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guatemala: creating a toolkit for community consultations on mining

Mining is having a devastating and worsening impact on the environment and people’s livelihoods and culture in Guatemala, but the government still plans to expand mining activity. This dire situation is compounded by the fact that there is a lack of accessible information on the impacts of mining and how communities can resist it. As a result many people are influenced by propaganda which portrays mining as being beneficial to development.

guatemala: creating a toolkit for community consultations on mining

FoE Guatemala has been promoting community referendums on mining concessions, where more than 600,000 persons in 31 municipalities have already voted to stop the entry of corporations for mining exploration and exploitation. The majority of the people participating in these consultations are women.

 

what happened?

Friends of the Earth Guatemala / CEIBA produced a popular education publication based on their experiences of conducting a major community consultation on gold mining in the department of Huehuetenango, Guatemala, in 2007.

 

As well as information gathered through the community consultation process, the document included  comprehensive information on mining compiled by a team of university academics. Contents included information about the way licenses were granted to mining companies in Huehuetenango; the process of building informed and active community networks; the organization, logistical and political work carried out with the mayors of 11 municipalities; the design of consultation tools; the legal dimension of the process; and the educational materials used to feed the process.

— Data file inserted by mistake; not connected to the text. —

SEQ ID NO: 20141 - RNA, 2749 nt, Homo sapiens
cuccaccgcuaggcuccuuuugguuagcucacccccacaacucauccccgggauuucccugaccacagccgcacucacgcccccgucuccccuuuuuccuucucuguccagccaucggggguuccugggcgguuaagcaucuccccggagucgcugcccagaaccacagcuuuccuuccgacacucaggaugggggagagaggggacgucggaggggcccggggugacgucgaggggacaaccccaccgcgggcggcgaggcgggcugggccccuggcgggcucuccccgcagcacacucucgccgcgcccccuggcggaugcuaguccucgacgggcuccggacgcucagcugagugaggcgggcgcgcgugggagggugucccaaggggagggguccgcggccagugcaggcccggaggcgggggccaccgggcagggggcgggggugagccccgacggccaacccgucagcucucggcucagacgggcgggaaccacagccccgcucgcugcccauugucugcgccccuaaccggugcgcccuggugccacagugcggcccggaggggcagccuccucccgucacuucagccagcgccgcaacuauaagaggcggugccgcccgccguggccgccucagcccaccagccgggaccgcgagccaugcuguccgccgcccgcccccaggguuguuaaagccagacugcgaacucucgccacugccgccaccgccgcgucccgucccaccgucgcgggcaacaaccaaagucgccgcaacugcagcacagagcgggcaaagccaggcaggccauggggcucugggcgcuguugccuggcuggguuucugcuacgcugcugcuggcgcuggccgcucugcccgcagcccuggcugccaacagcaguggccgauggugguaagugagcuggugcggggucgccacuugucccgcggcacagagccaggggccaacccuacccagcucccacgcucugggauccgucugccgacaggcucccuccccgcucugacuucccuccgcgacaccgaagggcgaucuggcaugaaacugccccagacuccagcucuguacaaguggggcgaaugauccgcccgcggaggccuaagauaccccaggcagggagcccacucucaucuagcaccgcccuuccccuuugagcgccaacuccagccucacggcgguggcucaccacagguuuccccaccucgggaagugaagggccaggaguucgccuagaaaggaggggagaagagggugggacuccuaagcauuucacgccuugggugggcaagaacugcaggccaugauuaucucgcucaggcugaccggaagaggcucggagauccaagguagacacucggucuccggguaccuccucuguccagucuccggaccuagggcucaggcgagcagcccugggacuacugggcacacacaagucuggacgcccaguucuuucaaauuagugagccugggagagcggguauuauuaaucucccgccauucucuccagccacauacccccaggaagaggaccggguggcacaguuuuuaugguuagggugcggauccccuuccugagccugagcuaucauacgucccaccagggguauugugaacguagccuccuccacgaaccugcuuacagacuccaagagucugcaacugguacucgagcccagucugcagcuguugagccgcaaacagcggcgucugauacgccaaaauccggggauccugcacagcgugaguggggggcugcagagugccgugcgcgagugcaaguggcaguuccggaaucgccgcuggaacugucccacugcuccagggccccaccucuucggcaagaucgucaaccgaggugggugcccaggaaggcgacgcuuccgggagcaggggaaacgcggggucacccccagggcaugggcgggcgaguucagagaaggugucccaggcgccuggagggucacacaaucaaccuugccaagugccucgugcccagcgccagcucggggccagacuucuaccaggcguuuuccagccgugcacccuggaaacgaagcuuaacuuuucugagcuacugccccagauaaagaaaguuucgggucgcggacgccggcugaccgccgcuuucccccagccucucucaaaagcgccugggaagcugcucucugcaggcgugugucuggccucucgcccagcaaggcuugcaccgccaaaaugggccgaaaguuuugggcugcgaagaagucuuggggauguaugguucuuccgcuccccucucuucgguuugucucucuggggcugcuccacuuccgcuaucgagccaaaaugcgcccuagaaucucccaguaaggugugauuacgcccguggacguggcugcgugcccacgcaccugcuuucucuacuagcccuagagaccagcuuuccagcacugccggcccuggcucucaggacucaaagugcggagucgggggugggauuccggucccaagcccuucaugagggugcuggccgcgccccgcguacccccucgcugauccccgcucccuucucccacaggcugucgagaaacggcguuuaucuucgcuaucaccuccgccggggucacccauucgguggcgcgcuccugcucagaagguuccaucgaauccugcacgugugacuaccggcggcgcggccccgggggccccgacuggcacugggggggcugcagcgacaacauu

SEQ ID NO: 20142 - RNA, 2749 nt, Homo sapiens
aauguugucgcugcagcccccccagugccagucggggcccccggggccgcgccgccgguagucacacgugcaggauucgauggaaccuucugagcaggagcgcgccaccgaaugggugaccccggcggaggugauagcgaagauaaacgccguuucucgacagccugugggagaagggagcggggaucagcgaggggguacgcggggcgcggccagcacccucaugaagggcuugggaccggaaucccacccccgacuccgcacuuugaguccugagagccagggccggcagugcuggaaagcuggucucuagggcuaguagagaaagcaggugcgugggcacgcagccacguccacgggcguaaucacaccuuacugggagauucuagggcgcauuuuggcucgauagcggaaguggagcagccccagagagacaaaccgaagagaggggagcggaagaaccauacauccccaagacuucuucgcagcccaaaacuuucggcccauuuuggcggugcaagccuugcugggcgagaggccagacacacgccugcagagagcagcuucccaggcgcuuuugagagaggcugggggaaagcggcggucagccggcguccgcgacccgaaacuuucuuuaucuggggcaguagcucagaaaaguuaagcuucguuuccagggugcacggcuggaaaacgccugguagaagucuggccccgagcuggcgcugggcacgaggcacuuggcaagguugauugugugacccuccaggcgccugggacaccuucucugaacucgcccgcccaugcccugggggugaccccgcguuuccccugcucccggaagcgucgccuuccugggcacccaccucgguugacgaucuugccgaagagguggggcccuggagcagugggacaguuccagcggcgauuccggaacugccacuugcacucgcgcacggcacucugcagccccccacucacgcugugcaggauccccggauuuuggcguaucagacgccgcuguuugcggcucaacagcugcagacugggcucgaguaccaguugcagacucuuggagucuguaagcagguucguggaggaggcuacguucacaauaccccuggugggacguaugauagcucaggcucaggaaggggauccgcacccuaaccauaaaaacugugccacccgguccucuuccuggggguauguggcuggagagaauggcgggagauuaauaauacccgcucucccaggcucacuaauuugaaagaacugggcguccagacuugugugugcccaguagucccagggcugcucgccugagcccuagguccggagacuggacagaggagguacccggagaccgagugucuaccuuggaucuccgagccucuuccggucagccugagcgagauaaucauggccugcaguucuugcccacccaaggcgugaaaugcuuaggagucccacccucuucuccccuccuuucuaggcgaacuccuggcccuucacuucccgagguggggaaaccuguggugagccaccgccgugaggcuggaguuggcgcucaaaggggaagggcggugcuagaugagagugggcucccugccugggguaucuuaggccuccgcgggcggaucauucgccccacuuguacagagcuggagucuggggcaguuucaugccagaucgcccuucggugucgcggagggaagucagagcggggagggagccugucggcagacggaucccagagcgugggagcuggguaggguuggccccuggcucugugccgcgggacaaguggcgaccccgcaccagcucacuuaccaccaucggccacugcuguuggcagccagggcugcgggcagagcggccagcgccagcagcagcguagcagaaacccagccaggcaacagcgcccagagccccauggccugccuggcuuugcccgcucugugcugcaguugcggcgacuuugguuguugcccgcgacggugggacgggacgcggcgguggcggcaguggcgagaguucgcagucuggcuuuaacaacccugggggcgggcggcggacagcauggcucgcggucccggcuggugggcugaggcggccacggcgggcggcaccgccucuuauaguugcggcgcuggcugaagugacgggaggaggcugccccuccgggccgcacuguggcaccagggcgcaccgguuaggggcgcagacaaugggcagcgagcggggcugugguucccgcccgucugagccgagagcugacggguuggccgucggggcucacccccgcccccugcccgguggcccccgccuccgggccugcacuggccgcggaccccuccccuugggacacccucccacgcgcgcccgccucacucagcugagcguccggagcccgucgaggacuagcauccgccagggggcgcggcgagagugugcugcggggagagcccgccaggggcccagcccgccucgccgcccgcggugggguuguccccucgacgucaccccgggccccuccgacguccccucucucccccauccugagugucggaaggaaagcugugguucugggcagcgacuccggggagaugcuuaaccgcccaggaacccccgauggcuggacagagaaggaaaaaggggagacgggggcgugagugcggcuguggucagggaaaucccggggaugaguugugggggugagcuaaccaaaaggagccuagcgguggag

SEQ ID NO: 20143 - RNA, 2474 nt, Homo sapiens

A draft of the document was reviewed through discussions with the communities and academics involved in its production, and the decision was made to put together a toolkit for communities engaged in the defense of their territory.

 

2,000 copies of the publication La Ruta del Oro were printed and distributed among communities preparing their own consultation processes in Huehuetenango, Izabal, Quiché, San Marcos, Chimaltenango, Sacatepequez and in southeastern Mexico.

 

The toolkit was launched at an event in the capital city, attended by civil society organizations, members of the communities that participated in the consultations and officials from the Ministry of the Environment and Natural Resources. The launch was covered by national newspapers, TV and radio. Copies of the document were sent to civil society organizations all over the country.

 

what changed?

The project established mining as a critical issue on the agenda of civil society organizations at the national level, and was influential in turning public opinion against mining. It has also made it much easier for groups to access relevant information about the mining of metals.

 

what next?

The communities’ consultation process and the information made available in the publication will be key inputs to FoEI’s new Extractives Program. FoE Guatemala is looking for support to translate the publication into English, so that this rich experience can be shared with FoE groups from other regions.

 

with thanks to our funders:  the dutch ministry of foreign affairs (dgis)

 

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